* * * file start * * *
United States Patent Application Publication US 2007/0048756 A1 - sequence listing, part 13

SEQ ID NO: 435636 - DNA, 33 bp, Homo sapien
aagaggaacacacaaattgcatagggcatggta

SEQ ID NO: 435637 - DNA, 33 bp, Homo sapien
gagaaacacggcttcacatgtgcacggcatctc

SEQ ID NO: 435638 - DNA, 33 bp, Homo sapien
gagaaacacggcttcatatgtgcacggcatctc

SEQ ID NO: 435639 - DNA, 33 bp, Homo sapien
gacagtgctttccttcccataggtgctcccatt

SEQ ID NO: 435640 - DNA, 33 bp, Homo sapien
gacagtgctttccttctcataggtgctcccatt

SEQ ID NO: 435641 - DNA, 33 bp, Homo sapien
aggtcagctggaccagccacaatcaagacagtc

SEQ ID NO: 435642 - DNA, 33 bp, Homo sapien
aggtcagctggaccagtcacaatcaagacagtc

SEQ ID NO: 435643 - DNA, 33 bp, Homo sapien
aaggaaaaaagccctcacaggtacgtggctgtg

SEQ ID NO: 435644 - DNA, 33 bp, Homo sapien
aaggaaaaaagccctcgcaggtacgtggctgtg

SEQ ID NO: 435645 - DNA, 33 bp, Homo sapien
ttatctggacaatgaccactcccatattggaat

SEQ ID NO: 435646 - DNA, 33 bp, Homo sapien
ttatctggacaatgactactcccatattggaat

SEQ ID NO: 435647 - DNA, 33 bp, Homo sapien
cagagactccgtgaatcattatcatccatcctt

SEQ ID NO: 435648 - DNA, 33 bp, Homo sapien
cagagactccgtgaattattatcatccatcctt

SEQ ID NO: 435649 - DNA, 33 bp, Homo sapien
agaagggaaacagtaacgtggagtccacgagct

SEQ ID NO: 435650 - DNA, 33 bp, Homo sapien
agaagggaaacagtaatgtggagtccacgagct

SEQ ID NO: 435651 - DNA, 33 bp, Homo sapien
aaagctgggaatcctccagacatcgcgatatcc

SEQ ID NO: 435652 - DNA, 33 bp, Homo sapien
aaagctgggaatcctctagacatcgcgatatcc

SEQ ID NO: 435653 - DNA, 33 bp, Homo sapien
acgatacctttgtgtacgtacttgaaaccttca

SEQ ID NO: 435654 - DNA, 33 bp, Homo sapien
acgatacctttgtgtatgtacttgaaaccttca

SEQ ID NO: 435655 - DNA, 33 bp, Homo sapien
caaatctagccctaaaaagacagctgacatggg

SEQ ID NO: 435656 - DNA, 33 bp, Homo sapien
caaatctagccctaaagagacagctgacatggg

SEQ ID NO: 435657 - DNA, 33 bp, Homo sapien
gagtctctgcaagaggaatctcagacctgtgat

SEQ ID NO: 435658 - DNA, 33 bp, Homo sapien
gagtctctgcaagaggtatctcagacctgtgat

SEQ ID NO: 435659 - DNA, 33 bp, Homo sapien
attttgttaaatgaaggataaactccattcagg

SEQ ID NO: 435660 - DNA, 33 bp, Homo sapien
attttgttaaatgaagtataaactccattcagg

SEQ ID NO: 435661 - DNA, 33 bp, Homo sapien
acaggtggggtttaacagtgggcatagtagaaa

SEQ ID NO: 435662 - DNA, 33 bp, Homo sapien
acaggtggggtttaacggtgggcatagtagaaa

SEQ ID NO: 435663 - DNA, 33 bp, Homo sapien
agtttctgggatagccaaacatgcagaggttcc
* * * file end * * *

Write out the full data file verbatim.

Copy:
United States Patent Application Publication US 2007/0048756 A1 - sequence listing, part 13

SEQ ID NO: 435636 - DNA, 33 bp, Homo sapien
aagaggaacacacaaattgcatagggcatggta

SEQ ID NO: 435637 - DNA, 33 bp, Homo sapien
gagaaacacggcttcacatgtgcacggcatctc

SEQ ID NO: 435638 - DNA, 33 bp, Homo sapien
gagaaacacggcttcatatgtgcacggcatctc

SEQ ID NO: 435639 - DNA, 33 bp, Homo sapien
gacagtgctttccttcccataggtgctcccatt

SEQ ID NO: 435640 - DNA, 33 bp, Homo sapien
gacagtgctttccttctcataggtgctcccatt

SEQ ID NO: 435641 - DNA, 33 bp, Homo sapien
aggtcagctggaccagccacaatcaagacagtc

SEQ ID NO: 435642 - DNA, 33 bp, Homo sapien
aggtcagctggaccagtcacaatcaagacagtc

SEQ ID NO: 435643 - DNA, 33 bp, Homo sapien
aaggaaaaaagccctcacaggtacgtggctgtg

SEQ ID NO: 435644 - DNA, 33 bp, Homo sapien
aaggaaaaaagccctcgcaggtacgtggctgtg

SEQ ID NO: 435645 - DNA, 33 bp, Homo sapien
ttatctggacaatgaccactcccatattggaat

SEQ ID NO: 435646 - DNA, 33 bp, Homo sapien
ttatctggacaatgactactcccatattggaat

SEQ ID NO: 435647 - DNA, 33 bp, Homo sapien
cagagactccgtgaatcattatcatccatcctt

SEQ ID NO: 435648 - DNA, 33 bp, Homo sapien
cagagactccgtgaattattatcatccatcctt

SEQ ID NO: 435649 - DNA, 33 bp, Homo sapien
agaagggaaacagtaacgtggagtccacgagct

SEQ ID NO: 435650 - DNA, 33 bp, Homo sapien
agaagggaaacagtaatgtggagtccacgagct

SEQ ID NO: 435651 - DNA, 33 bp, Homo sapien
aaagctgggaatcctccagacatcgcgatatcc

SEQ ID NO: 435652 - DNA, 33 bp, Homo sapien
aaagctgggaatcctctagacatcgcgatatcc

SEQ ID NO: 435653 - DNA, 33 bp, Homo sapien
acgatacctttgtgtacgtacttgaaaccttca

SEQ ID NO: 435654 - DNA, 33 bp, Homo sapien
acgatacctttgtgtatgtacttgaaaccttca

SEQ ID NO: 435655 - DNA, 33 bp, Homo sapien
caaatctagccctaaaaagacagctgacatggg

SEQ ID NO: 435656 - DNA, 33 bp, Homo sapien
caaatctagccctaaagagacagctgacatggg

SEQ ID NO: 435657 - DNA, 33 bp, Homo sapien
gagtctctgcaagaggaatctcagacctgtgat

SEQ ID NO: 435658 - DNA, 33 bp, Homo sapien
gagtctctgcaagaggtatctcagacctgtgat

SEQ ID NO: 435659 - DNA, 33 bp, Homo sapien
attttgttaaatgaaggataaactccattcagg

SEQ ID NO: 435660 - DNA, 33 bp, Homo sapien
attttgttaaatgaagtataaactccattcagg

SEQ ID NO: 435661 - DNA, 33 bp, Homo sapien
acaggtggggtttaacagtgggcatagtagaaa

SEQ ID NO: 435662 - DNA, 33 bp, Homo sapien
acaggtggggtttaacggtgggcatagtagaaa

SEQ ID NO: 435663 - DNA, 33 bp, Homo sapien
agtttctgggatagccaaacatgcagaggttcc